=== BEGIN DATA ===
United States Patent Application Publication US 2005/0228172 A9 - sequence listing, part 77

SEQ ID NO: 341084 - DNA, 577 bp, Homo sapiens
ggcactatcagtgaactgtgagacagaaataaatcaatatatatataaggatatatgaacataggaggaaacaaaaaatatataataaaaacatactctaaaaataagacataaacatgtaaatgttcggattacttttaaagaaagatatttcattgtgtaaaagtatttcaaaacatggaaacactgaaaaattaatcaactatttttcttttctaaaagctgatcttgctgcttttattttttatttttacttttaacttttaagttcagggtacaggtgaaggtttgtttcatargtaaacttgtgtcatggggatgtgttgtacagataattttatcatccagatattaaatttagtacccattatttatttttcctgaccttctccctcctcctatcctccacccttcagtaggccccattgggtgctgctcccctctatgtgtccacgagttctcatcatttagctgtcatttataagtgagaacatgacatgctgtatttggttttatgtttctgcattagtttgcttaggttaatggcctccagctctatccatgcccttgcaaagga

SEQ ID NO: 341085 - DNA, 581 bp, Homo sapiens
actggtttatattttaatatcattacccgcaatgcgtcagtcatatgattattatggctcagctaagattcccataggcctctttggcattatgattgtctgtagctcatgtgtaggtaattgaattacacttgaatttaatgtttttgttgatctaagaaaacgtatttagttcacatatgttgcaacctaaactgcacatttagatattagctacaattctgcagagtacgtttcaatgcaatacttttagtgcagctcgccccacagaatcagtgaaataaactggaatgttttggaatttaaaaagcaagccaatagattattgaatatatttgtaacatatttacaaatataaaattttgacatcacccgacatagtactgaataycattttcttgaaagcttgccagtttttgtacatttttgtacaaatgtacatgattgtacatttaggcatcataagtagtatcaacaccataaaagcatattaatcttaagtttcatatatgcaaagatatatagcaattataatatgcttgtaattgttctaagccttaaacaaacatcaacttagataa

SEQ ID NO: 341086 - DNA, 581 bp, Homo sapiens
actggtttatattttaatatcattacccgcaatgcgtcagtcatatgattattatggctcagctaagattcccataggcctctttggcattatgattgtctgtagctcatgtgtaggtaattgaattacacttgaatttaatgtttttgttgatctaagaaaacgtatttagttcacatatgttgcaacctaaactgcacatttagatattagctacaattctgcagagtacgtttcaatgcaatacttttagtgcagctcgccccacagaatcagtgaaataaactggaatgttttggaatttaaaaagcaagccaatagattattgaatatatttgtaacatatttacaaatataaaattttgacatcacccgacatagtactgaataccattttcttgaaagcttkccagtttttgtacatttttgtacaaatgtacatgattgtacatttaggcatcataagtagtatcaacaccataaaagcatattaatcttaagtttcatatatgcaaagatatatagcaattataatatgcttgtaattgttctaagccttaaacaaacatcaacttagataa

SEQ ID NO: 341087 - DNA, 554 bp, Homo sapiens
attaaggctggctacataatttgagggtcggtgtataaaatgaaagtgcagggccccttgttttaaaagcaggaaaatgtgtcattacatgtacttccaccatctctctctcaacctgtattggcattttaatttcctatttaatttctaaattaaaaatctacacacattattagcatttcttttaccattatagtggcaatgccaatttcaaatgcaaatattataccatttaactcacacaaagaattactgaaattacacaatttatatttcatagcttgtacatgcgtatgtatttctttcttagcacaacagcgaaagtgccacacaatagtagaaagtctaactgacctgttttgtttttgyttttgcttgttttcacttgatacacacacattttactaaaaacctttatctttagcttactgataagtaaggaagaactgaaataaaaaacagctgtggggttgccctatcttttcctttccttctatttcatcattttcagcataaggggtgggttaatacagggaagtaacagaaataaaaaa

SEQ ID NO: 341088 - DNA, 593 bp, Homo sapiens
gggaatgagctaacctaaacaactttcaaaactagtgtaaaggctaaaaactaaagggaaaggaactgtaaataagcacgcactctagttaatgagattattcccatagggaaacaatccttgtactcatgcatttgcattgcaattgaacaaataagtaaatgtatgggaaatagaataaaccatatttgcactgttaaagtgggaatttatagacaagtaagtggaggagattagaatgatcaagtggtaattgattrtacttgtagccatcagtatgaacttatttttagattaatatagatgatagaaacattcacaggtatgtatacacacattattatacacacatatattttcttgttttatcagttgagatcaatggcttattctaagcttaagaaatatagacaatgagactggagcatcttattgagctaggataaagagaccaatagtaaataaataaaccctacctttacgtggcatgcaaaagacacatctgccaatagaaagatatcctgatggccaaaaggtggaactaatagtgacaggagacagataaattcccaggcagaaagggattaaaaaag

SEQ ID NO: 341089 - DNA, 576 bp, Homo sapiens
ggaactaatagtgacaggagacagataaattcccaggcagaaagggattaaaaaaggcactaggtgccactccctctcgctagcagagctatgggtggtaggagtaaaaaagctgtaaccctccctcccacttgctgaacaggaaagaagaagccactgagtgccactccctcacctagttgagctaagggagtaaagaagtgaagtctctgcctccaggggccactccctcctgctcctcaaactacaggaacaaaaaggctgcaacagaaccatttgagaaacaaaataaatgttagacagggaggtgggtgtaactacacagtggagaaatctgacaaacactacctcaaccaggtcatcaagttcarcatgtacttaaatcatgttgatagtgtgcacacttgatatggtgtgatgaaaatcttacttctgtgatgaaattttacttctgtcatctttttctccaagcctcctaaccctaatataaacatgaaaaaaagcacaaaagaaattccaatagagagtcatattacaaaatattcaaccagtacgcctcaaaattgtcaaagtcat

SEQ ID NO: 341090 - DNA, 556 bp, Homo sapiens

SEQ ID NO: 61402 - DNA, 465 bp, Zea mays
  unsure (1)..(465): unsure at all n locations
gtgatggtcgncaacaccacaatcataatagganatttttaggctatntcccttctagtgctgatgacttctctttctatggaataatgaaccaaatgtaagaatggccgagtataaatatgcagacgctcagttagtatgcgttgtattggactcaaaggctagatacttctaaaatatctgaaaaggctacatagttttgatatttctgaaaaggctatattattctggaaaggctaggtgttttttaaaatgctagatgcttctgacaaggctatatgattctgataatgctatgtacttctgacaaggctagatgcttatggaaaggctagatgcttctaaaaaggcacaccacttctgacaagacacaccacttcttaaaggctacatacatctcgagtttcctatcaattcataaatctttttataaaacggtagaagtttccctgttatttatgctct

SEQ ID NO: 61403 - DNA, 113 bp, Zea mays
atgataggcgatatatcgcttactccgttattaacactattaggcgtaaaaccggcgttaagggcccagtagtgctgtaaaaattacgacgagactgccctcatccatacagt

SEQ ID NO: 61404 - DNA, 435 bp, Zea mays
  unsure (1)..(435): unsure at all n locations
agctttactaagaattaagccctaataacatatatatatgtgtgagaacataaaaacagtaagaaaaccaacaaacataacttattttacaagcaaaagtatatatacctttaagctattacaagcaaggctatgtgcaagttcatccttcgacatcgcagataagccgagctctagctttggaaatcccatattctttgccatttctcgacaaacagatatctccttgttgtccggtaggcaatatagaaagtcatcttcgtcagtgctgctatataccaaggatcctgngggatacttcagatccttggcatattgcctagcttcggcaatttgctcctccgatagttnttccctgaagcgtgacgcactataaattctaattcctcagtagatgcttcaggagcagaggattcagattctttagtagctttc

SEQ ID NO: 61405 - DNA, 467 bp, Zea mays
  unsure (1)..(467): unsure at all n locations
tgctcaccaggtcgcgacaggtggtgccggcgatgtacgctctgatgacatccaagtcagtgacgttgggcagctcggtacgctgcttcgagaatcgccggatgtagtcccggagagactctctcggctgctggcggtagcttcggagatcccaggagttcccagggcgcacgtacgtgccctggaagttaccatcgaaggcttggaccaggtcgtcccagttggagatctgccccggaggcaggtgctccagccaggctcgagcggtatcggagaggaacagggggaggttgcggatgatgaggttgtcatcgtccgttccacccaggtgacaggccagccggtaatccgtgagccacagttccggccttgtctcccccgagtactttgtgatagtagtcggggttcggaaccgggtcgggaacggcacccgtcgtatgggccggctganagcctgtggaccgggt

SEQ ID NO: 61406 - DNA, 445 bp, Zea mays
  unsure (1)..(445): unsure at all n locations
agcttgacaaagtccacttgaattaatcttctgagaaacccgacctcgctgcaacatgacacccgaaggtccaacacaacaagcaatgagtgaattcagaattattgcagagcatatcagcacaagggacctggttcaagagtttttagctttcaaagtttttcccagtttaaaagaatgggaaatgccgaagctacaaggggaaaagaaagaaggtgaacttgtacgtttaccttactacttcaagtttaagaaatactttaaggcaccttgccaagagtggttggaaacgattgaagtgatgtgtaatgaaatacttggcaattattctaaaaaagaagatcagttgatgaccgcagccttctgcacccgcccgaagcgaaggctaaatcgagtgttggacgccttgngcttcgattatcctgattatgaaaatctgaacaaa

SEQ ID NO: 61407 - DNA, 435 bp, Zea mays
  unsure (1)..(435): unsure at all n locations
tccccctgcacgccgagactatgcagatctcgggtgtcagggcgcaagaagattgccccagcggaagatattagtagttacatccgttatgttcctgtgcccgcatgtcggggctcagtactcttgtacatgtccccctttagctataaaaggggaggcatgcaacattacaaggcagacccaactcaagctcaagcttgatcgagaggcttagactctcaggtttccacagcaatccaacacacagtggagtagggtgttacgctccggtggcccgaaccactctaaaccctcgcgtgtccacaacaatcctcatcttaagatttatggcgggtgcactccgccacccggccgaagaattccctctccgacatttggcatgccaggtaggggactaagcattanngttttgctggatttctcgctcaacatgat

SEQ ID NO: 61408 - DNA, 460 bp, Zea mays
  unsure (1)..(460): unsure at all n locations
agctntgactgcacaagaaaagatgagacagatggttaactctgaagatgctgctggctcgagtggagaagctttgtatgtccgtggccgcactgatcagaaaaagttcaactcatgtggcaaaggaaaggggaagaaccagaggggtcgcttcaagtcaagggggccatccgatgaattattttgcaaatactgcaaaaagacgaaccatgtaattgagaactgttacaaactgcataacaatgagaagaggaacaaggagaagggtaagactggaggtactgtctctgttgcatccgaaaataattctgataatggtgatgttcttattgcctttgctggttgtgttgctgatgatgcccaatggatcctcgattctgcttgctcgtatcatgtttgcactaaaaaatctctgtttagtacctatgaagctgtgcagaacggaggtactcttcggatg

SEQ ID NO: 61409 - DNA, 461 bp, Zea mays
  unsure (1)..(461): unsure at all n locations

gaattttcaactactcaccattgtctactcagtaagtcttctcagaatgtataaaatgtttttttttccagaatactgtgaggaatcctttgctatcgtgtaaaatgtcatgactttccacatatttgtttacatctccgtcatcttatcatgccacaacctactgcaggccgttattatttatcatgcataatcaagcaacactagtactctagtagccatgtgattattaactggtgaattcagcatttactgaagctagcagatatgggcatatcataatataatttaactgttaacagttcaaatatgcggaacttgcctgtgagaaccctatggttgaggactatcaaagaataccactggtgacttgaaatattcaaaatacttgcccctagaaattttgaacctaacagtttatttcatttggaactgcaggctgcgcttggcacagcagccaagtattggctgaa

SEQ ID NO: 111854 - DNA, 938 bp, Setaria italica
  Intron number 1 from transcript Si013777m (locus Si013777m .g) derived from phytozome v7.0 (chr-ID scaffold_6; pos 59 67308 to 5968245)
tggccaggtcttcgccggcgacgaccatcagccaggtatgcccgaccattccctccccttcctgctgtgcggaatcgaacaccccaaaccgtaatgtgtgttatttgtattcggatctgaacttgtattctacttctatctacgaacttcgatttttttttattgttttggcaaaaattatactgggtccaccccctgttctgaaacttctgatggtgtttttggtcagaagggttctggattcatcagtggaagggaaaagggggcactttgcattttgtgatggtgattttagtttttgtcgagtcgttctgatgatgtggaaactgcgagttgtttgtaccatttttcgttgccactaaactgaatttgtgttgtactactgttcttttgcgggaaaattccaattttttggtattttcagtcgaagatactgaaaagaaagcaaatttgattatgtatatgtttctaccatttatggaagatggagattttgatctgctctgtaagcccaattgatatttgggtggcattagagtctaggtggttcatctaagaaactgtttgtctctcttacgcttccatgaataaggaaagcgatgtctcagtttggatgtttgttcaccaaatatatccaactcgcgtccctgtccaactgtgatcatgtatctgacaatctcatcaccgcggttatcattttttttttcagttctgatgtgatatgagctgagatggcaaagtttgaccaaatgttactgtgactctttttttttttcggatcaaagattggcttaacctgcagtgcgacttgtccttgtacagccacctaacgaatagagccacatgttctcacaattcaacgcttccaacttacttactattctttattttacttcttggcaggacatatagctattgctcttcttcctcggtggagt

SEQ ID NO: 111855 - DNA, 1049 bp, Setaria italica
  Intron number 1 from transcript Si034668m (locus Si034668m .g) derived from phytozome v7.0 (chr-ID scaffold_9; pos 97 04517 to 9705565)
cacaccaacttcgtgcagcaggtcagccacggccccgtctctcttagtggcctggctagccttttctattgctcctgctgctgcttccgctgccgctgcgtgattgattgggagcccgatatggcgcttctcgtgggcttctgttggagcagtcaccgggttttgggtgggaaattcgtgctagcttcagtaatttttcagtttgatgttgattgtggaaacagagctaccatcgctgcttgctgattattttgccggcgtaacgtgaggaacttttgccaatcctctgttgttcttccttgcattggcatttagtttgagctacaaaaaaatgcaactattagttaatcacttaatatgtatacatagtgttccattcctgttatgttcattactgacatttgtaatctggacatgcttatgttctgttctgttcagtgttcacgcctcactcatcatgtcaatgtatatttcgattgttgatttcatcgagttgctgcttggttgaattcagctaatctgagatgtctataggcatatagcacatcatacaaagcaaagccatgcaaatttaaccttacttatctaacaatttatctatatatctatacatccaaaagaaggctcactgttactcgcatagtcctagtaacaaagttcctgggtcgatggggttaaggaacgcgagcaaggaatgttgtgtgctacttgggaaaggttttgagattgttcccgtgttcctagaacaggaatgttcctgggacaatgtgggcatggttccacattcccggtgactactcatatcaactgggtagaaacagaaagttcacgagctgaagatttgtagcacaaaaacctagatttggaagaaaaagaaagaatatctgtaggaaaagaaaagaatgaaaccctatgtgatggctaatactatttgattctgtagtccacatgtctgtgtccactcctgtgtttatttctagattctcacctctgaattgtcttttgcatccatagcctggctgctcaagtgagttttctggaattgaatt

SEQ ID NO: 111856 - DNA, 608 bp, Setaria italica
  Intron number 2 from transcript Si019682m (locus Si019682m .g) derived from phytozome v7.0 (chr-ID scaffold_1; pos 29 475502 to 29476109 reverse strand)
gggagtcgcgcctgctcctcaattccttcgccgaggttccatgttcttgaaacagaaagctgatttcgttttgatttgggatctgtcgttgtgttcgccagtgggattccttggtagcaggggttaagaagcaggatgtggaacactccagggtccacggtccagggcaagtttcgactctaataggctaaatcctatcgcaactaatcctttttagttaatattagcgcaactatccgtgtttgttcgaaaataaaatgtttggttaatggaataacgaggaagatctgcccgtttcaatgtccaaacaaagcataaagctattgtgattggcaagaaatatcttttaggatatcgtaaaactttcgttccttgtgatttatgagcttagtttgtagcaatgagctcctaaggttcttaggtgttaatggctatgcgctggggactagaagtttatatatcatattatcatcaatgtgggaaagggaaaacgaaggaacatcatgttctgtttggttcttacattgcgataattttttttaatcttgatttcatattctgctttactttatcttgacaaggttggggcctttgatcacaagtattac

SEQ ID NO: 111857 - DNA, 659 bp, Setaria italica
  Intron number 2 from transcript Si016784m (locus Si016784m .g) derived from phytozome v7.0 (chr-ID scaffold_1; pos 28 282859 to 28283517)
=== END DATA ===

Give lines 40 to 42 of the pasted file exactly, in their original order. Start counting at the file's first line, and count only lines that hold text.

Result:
tggccaggtcttcgccggcgacgaccatcagccaggtatgcccgaccattccctccccttcctgctgtgcggaatcgaacaccccaaaccgtaatgtgtgttatttgtattcggatctgaacttgtattctacttctatctacgaacttcgatttttttttattgttttggcaaaaattatactgggtccaccccctgttctgaaacttctgatggtgtttttggtcagaagggttctggattcatcagtggaagggaaaagggggcactttgcattttgtgatggtgattttagtttttgtcgagtcgttctgatgatgtggaaactgcgagttgtttgtaccatttttcgttgccactaaactgaatttgtgttgtactactgttcttttgcgggaaaattccaattttttggtattttcagtcgaagatactgaaaagaaagcaaatttgattatgtatatgtttctaccatttatggaagatggagattttgatctgctctgtaagcccaattgatatttgggtggcattagagtctaggtggttcatctaagaaactgtttgtctctcttacgcttccatgaataaggaaagcgatgtctcagtttggatgtttgttcaccaaatatatccaactcgcgtccctgtccaactgtgatcatgtatctgacaatctcatcaccgcggttatcattttttttttcagttctgatgtgatatgagctgagatggcaaagtttgaccaaatgttactgtgactctttttttttttcggatcaaagattggcttaacctgcagtgcgacttgtccttgtacagccacctaacgaatagagccacatgttctcacaattcaacgcttccaacttacttactattctttattttacttcttggcaggacatatagctattgctcttcttcctcggtggagt

SEQ ID NO: 111855 - DNA, 1049 bp, Setaria italica
  Intron number 1 from transcript Si034668m (locus Si034668m .g) derived from phytozome v7.0 (chr-ID scaffold_9; pos 97 04517 to 9705565)